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Tribes Hope to Reintroduce Salmon in Upper Columbia

A bold project to try to reintroduce salmon in the upper reaches of the Columbia River is being announced by Native American tribes. While salmon runs seems to be making a gradual comeback in the Columbia river, no Salmon have been able to make it past the Grand Coulee and Chief Joseph dams since 1942.

A new paper from the Columbia basin tribes and Canadian First Nations lays out a phased approach that would first assess the viability of reintroduction.

The project will be coordinated by the upper Columbia United tribes, or UCUT. Executive Director and Colville tribal member DR Michel says this is a huge undertaking, but if successful will provide many benefits.

Michel: "There ‘s a lot of benefits you for thousands of years where we are and how we use the river and our ties to it. But were looking at more the regional benefit, it will benefit all those who live along the river and those who visit here, there’s a lot of opportunity and good opportunity for those fish above those facilities.”

Phase one of the plan will consist of a feasibility study to determine habitat availability, suitability, and salmon potential above Grand Coulee.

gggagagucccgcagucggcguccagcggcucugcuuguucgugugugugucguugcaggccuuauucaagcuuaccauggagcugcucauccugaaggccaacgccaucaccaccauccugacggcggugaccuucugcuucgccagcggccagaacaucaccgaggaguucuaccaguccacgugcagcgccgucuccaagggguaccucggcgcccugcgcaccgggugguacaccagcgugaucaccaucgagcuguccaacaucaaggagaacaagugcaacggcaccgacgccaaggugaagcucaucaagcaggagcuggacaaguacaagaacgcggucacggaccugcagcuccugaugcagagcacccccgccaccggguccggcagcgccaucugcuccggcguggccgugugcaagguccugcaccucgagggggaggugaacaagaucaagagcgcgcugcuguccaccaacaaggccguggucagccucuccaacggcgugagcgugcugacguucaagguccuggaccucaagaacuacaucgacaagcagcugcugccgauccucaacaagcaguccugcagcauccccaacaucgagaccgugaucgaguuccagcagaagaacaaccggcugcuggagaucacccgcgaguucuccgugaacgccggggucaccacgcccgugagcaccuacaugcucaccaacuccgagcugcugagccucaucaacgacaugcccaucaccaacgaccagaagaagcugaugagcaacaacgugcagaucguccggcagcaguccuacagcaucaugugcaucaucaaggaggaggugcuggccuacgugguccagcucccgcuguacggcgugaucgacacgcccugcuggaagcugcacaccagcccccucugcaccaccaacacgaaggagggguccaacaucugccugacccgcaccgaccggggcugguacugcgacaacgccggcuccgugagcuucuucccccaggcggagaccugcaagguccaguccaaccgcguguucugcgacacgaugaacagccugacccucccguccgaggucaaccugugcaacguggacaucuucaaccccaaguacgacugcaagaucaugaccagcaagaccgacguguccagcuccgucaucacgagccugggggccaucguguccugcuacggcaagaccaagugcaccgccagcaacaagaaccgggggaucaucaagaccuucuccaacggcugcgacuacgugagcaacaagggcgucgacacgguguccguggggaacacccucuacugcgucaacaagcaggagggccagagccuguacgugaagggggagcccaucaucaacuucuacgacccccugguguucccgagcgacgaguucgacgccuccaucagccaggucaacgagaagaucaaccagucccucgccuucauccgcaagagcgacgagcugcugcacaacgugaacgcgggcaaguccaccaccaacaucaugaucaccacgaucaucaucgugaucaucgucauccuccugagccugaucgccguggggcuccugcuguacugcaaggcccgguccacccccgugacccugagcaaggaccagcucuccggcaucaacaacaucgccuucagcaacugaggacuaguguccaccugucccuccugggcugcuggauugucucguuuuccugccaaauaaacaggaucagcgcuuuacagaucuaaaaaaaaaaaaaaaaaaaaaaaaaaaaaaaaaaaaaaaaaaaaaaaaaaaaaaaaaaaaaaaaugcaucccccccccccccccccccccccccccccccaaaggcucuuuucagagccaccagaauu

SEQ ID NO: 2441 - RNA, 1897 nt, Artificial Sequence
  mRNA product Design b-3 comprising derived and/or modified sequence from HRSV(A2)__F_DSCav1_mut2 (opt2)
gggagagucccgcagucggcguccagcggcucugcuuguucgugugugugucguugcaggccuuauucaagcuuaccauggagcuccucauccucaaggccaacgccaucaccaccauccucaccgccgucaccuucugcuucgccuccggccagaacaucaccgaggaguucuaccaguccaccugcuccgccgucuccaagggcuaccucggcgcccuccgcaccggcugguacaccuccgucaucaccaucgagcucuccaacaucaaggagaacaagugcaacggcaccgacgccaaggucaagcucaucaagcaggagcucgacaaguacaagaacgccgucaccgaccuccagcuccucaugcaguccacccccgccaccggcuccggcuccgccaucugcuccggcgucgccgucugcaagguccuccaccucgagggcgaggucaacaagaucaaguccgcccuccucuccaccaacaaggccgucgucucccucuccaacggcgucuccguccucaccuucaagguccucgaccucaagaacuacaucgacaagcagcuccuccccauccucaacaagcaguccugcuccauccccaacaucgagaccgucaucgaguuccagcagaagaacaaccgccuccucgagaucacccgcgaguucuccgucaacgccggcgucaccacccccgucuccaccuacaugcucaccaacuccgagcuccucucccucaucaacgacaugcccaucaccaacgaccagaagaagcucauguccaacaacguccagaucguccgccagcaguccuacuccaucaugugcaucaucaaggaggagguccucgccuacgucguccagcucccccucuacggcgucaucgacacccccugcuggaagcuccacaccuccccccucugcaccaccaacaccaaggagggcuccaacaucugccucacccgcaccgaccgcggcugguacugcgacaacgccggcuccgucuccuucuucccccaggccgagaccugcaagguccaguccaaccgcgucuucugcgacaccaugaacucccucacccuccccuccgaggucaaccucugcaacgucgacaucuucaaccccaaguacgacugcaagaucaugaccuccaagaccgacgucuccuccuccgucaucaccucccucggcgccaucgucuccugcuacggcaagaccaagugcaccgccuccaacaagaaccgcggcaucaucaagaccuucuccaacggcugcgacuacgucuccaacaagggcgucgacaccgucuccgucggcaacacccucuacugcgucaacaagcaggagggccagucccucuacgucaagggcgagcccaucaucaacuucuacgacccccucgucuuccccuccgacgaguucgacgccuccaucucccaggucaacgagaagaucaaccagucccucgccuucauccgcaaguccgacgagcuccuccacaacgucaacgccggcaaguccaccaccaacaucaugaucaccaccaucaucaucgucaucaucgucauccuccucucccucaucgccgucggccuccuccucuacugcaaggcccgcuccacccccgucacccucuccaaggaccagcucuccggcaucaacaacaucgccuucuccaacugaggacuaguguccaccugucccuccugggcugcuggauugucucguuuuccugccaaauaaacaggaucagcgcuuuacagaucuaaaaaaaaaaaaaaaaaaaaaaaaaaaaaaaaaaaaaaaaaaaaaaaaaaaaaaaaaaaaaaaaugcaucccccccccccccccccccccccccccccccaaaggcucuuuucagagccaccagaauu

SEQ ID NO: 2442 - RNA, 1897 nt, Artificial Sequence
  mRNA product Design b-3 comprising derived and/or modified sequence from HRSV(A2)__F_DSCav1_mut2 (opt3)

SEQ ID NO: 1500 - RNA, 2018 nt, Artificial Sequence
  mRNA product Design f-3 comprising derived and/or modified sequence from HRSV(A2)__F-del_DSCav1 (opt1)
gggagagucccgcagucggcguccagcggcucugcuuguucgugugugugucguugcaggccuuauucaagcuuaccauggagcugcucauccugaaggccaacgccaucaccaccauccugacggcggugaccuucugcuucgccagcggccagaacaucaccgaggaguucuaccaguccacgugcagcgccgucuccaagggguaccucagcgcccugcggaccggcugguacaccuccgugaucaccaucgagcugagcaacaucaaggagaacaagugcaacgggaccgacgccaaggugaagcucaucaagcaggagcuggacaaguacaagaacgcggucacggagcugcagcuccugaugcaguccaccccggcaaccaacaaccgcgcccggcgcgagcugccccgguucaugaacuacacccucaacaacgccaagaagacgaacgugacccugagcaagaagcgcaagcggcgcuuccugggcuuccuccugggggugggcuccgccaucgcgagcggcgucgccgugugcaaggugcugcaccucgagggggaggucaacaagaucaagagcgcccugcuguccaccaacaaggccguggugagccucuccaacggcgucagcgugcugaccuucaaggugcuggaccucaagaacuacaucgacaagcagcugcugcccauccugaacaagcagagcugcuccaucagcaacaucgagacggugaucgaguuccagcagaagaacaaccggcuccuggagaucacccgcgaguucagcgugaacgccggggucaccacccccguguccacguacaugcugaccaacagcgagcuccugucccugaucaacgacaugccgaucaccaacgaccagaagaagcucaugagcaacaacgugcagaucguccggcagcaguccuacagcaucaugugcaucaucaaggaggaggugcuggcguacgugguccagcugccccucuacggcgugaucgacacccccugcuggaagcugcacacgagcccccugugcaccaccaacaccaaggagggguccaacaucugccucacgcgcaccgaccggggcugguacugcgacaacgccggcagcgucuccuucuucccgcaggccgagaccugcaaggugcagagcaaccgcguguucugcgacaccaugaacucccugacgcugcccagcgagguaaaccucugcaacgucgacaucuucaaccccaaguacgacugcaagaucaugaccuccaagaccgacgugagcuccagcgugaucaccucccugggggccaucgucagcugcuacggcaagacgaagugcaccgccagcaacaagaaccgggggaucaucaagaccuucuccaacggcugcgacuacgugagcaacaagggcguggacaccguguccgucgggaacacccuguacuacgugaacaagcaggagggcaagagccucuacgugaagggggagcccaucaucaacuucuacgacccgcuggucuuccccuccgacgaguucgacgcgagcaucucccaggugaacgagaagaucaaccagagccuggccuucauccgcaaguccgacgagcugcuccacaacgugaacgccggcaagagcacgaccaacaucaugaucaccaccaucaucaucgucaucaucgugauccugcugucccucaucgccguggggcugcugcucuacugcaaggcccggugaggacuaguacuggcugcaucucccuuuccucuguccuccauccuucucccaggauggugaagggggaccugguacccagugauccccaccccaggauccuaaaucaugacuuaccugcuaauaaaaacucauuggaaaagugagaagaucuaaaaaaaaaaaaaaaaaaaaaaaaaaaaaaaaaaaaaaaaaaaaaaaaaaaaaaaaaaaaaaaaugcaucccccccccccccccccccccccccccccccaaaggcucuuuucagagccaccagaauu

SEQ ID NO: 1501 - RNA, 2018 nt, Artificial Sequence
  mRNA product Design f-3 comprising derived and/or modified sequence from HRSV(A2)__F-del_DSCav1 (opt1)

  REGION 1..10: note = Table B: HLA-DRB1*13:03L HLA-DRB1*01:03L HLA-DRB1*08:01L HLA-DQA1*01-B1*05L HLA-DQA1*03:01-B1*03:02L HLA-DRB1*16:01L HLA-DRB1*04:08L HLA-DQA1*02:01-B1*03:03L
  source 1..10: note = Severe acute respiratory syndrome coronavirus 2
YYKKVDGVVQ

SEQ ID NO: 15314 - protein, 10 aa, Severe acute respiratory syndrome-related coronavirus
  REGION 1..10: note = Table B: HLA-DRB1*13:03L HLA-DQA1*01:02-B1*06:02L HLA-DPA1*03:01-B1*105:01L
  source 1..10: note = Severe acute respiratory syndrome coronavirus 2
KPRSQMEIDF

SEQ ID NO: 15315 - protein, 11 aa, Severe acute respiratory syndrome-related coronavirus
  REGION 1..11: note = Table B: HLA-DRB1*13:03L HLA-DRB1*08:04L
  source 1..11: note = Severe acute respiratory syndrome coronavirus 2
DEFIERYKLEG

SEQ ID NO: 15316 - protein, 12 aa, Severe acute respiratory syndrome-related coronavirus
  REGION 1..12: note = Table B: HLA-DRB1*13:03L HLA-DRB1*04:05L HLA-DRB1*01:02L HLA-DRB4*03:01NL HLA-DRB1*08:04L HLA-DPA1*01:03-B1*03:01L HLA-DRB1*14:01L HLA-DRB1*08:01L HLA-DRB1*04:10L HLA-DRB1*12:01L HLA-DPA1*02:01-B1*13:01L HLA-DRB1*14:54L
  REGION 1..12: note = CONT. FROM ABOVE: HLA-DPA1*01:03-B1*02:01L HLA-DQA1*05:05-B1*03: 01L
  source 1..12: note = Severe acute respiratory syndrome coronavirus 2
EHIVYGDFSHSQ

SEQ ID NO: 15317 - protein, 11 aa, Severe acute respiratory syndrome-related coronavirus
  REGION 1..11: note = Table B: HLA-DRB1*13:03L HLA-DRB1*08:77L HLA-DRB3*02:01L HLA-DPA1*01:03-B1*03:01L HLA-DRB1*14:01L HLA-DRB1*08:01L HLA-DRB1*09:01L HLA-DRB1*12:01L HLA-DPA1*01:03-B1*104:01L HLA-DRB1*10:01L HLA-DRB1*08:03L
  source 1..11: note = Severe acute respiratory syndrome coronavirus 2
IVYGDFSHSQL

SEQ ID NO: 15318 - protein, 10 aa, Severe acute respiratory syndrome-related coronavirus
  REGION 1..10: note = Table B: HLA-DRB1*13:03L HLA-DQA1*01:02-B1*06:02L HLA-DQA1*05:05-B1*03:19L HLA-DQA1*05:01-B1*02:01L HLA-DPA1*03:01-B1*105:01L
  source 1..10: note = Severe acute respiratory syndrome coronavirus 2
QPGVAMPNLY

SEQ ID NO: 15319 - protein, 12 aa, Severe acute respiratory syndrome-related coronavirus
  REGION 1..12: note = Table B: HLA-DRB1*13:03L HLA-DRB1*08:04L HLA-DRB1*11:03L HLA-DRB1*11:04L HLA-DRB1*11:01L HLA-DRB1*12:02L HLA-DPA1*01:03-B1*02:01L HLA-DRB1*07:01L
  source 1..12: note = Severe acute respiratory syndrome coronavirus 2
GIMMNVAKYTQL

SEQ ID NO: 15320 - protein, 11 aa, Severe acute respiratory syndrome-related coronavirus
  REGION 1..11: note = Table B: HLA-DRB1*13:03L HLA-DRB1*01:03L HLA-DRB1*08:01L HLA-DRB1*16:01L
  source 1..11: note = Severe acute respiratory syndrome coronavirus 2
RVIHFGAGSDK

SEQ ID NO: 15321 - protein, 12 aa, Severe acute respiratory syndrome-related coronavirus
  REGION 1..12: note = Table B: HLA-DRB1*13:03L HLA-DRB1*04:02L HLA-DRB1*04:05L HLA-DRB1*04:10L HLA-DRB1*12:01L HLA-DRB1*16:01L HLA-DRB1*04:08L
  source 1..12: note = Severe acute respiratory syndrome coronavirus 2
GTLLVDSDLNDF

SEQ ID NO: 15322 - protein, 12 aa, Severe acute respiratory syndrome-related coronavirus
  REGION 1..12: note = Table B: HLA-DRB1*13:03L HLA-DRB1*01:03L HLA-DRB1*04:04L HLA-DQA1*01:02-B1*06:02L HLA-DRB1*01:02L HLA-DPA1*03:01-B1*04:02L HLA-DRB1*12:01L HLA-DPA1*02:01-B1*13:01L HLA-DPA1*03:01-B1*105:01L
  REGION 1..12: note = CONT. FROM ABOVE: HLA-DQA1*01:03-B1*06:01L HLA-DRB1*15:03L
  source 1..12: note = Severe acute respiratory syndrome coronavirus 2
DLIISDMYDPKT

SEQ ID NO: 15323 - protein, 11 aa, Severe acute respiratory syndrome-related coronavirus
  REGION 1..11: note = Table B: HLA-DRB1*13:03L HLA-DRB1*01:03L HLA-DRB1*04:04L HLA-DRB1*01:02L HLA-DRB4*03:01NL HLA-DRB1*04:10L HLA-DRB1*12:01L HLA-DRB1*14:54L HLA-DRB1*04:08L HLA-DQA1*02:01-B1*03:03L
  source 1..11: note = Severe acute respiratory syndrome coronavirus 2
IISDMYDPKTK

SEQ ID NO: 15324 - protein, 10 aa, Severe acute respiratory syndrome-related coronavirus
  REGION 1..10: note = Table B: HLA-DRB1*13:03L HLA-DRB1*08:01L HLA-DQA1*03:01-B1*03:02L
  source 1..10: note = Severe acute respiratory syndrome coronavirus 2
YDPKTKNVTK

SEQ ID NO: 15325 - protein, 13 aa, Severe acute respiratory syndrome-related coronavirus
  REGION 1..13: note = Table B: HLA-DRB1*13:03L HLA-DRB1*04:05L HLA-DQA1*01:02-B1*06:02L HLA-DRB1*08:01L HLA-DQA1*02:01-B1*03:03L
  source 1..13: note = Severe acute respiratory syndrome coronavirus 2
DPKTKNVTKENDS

A 30 day public comment period on the plan will kick off the process.

Steve was part of the Spokane Public Radio family for many years before he came on air in 1999. His wife, Laurie, produced Radio Ethiopia in the late 1980s through the '90s, and Steve used to “lurk in the shadowy world” of Weekend SPR. Steve has done various on air shifts at the station, including nearly 15 years as the local Morning Edition host. Currently, he is the voice of local weather and news during All Things Considerd, writing, editing, producing and/or delivering newscasts and features for both KPBX and KSFC. Aside from SPR, Steve ,who lives in the country, enjoys gardening, chickens, playing and listening to music, astronomy, photography, sports cars and camping.